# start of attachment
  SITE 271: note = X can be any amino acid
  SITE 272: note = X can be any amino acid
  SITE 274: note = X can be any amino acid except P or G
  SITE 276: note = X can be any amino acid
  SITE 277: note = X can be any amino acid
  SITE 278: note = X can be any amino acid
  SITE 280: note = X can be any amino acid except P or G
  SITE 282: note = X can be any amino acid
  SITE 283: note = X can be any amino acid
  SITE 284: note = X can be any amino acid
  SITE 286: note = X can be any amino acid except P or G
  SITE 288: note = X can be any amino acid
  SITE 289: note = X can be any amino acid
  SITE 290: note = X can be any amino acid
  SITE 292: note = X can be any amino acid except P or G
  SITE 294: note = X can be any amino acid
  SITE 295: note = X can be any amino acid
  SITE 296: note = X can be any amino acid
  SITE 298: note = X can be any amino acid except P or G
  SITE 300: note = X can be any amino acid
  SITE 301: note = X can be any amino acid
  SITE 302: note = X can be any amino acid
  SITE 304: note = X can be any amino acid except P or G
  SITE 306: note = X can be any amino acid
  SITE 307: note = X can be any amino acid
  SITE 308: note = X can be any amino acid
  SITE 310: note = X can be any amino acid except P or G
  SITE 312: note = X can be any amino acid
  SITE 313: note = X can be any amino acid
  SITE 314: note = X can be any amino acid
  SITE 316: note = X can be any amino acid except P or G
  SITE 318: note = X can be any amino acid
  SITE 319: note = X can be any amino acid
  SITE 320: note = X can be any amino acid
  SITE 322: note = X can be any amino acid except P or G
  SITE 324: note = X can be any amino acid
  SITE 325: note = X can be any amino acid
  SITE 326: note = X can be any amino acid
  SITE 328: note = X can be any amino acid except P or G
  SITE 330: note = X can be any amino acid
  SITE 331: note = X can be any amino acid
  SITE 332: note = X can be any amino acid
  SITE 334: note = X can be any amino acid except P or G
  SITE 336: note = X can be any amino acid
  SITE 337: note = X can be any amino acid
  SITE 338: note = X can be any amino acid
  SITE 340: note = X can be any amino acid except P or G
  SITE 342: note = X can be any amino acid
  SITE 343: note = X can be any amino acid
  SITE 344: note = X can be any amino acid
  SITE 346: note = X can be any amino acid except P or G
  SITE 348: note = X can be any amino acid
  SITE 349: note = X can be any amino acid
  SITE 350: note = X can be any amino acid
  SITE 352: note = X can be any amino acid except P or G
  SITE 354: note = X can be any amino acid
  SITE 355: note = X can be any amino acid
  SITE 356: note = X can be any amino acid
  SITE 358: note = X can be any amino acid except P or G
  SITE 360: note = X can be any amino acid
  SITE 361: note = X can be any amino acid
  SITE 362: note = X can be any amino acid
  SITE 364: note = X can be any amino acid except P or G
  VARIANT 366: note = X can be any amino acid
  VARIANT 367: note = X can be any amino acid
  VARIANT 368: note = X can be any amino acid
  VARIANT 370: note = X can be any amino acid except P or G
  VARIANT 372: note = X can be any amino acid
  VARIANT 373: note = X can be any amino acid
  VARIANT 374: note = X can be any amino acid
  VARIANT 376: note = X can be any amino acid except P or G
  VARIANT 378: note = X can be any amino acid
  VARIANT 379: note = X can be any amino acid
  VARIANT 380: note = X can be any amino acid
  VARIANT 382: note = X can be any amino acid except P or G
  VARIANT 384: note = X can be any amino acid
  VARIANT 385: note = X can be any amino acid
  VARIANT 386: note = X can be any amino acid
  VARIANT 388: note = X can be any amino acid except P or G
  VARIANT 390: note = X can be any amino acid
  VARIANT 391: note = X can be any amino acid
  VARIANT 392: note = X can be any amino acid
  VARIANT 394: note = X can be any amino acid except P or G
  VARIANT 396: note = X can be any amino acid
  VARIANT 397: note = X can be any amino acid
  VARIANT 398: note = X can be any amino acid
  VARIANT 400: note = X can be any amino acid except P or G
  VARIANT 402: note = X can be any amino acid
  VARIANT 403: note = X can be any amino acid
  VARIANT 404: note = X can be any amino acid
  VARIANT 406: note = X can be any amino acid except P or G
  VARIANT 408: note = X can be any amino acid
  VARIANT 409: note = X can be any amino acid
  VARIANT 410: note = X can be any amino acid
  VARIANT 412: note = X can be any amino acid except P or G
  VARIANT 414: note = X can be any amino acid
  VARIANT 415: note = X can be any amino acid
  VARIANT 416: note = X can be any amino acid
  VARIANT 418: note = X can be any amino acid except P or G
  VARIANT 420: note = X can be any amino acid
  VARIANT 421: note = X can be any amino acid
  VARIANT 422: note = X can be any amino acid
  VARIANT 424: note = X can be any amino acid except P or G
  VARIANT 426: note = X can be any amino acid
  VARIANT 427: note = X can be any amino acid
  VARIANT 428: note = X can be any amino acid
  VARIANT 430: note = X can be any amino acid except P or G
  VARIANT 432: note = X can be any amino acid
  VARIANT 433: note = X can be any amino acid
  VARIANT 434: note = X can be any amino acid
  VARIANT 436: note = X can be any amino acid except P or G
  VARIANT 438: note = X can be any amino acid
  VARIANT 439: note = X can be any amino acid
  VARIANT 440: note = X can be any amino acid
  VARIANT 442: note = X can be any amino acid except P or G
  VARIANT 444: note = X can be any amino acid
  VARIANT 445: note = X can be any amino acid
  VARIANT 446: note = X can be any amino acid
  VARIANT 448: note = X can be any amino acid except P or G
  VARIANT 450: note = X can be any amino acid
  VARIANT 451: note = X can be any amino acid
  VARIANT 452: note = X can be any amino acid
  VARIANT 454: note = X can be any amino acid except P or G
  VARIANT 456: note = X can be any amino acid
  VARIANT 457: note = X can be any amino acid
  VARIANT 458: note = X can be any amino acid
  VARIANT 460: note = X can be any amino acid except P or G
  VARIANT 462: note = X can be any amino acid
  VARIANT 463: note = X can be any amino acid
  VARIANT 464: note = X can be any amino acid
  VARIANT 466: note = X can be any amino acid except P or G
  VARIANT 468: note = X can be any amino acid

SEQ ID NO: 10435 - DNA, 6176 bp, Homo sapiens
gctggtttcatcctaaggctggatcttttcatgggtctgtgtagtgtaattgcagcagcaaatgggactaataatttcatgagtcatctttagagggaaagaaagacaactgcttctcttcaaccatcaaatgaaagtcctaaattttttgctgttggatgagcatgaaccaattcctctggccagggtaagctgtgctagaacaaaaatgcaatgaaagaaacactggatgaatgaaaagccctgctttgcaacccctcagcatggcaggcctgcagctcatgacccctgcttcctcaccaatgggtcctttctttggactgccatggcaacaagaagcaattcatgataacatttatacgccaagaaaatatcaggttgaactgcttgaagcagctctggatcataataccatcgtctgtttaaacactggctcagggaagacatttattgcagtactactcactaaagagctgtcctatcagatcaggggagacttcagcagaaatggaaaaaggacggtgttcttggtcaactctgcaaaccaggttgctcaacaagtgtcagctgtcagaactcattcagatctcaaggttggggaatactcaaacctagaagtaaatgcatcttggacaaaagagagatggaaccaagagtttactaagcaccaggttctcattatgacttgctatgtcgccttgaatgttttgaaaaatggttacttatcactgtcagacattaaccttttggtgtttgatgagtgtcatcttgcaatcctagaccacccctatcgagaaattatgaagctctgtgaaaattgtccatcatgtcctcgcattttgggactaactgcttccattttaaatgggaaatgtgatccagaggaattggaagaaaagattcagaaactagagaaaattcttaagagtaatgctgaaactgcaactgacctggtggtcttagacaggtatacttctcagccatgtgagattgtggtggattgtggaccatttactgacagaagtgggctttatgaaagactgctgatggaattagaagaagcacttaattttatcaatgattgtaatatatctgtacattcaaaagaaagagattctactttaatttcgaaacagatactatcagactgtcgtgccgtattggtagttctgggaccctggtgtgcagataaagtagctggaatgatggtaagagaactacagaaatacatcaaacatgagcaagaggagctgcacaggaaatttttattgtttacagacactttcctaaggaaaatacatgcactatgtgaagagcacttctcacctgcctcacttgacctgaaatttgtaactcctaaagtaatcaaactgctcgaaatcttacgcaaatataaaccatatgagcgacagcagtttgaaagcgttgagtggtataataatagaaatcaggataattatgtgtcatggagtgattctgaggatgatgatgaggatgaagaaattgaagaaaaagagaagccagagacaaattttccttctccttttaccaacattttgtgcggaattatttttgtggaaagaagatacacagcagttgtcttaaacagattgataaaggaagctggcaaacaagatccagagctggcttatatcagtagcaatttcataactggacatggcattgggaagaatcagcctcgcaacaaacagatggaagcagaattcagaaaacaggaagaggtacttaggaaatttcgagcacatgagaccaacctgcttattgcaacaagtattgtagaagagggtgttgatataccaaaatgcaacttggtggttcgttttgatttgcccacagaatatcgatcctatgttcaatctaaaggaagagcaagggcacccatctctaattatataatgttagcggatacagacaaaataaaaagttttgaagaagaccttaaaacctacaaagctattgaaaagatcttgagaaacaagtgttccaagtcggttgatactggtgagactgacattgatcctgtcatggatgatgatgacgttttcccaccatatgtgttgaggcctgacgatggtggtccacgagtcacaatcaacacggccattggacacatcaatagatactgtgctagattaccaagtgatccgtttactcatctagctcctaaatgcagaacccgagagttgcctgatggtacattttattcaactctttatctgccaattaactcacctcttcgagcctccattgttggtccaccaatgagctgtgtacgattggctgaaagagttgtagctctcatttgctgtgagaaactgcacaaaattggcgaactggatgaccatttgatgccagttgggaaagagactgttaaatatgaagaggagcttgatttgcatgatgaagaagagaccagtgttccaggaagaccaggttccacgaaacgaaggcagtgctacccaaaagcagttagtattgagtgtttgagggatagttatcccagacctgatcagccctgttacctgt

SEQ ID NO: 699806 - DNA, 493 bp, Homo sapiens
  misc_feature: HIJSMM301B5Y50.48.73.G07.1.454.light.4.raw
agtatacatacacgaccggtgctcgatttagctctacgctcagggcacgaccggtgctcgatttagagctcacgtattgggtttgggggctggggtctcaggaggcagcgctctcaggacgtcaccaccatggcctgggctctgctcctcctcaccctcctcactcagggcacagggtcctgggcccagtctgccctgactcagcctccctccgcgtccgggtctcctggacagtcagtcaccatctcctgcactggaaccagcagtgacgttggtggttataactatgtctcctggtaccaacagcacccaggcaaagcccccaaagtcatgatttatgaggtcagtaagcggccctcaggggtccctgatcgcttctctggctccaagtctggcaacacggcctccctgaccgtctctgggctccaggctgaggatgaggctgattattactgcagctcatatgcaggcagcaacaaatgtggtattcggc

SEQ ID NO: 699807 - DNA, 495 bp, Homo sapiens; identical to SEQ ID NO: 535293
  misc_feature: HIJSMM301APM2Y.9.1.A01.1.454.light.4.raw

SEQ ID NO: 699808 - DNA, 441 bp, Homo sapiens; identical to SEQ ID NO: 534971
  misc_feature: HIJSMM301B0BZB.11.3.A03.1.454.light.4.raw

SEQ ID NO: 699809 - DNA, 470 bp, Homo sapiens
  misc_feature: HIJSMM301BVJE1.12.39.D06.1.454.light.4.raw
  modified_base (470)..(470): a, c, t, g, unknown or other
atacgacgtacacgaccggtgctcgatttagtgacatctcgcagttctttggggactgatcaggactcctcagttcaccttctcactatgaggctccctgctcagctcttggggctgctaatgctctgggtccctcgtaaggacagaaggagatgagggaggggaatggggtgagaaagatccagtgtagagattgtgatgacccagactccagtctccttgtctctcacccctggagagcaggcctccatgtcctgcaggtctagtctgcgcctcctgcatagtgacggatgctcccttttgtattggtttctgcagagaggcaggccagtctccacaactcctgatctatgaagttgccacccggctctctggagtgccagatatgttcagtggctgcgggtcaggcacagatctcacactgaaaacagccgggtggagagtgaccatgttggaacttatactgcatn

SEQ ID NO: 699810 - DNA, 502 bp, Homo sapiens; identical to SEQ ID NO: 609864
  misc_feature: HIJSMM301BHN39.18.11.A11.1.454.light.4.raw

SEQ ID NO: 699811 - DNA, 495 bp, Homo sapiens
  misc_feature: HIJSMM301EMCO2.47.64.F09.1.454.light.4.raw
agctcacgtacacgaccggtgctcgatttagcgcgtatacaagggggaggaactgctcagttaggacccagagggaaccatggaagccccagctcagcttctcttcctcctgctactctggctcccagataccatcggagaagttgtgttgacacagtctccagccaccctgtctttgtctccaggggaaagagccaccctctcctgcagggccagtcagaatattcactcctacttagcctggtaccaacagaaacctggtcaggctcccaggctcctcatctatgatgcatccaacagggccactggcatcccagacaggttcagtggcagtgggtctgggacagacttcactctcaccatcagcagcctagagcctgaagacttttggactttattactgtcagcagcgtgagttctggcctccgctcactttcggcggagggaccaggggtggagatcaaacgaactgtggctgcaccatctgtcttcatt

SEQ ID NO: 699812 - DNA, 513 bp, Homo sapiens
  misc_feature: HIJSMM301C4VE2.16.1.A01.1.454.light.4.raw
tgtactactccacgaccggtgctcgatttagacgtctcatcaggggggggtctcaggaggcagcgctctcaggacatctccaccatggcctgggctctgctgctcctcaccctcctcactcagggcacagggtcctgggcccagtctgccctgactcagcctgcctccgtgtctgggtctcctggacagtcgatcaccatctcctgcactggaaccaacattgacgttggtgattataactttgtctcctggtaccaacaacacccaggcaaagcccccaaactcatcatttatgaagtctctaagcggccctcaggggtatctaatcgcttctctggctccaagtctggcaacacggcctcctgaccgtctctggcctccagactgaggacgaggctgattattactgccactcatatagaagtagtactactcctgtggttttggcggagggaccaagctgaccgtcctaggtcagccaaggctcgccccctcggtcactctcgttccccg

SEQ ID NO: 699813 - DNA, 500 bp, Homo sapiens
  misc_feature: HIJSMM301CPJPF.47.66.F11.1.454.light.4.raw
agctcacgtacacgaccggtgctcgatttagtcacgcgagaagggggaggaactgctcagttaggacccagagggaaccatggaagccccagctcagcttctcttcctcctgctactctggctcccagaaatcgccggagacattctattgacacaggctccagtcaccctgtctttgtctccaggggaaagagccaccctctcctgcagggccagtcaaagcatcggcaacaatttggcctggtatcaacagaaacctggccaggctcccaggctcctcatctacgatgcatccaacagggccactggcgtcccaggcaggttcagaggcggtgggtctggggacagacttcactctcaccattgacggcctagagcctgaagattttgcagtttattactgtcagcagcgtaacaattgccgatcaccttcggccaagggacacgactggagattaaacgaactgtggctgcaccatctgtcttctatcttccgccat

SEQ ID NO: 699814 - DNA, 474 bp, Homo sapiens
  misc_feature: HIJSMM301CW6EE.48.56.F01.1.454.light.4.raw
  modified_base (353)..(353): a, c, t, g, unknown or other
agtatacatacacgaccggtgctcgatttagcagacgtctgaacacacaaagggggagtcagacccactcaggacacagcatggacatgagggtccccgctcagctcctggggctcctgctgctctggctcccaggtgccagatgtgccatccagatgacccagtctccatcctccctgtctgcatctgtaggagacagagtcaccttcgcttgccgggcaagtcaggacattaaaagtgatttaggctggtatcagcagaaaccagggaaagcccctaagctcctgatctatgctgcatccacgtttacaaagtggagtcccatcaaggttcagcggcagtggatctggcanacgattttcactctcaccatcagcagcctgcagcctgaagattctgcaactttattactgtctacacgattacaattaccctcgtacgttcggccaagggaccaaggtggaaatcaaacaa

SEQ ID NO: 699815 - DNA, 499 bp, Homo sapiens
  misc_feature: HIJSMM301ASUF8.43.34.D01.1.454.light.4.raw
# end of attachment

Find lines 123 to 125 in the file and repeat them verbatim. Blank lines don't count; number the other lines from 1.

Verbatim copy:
  VARIANT 454: note = X can be any amino acid except P or G
  VARIANT 456: note = X can be any amino acid
  VARIANT 457: note = X can be any amino acid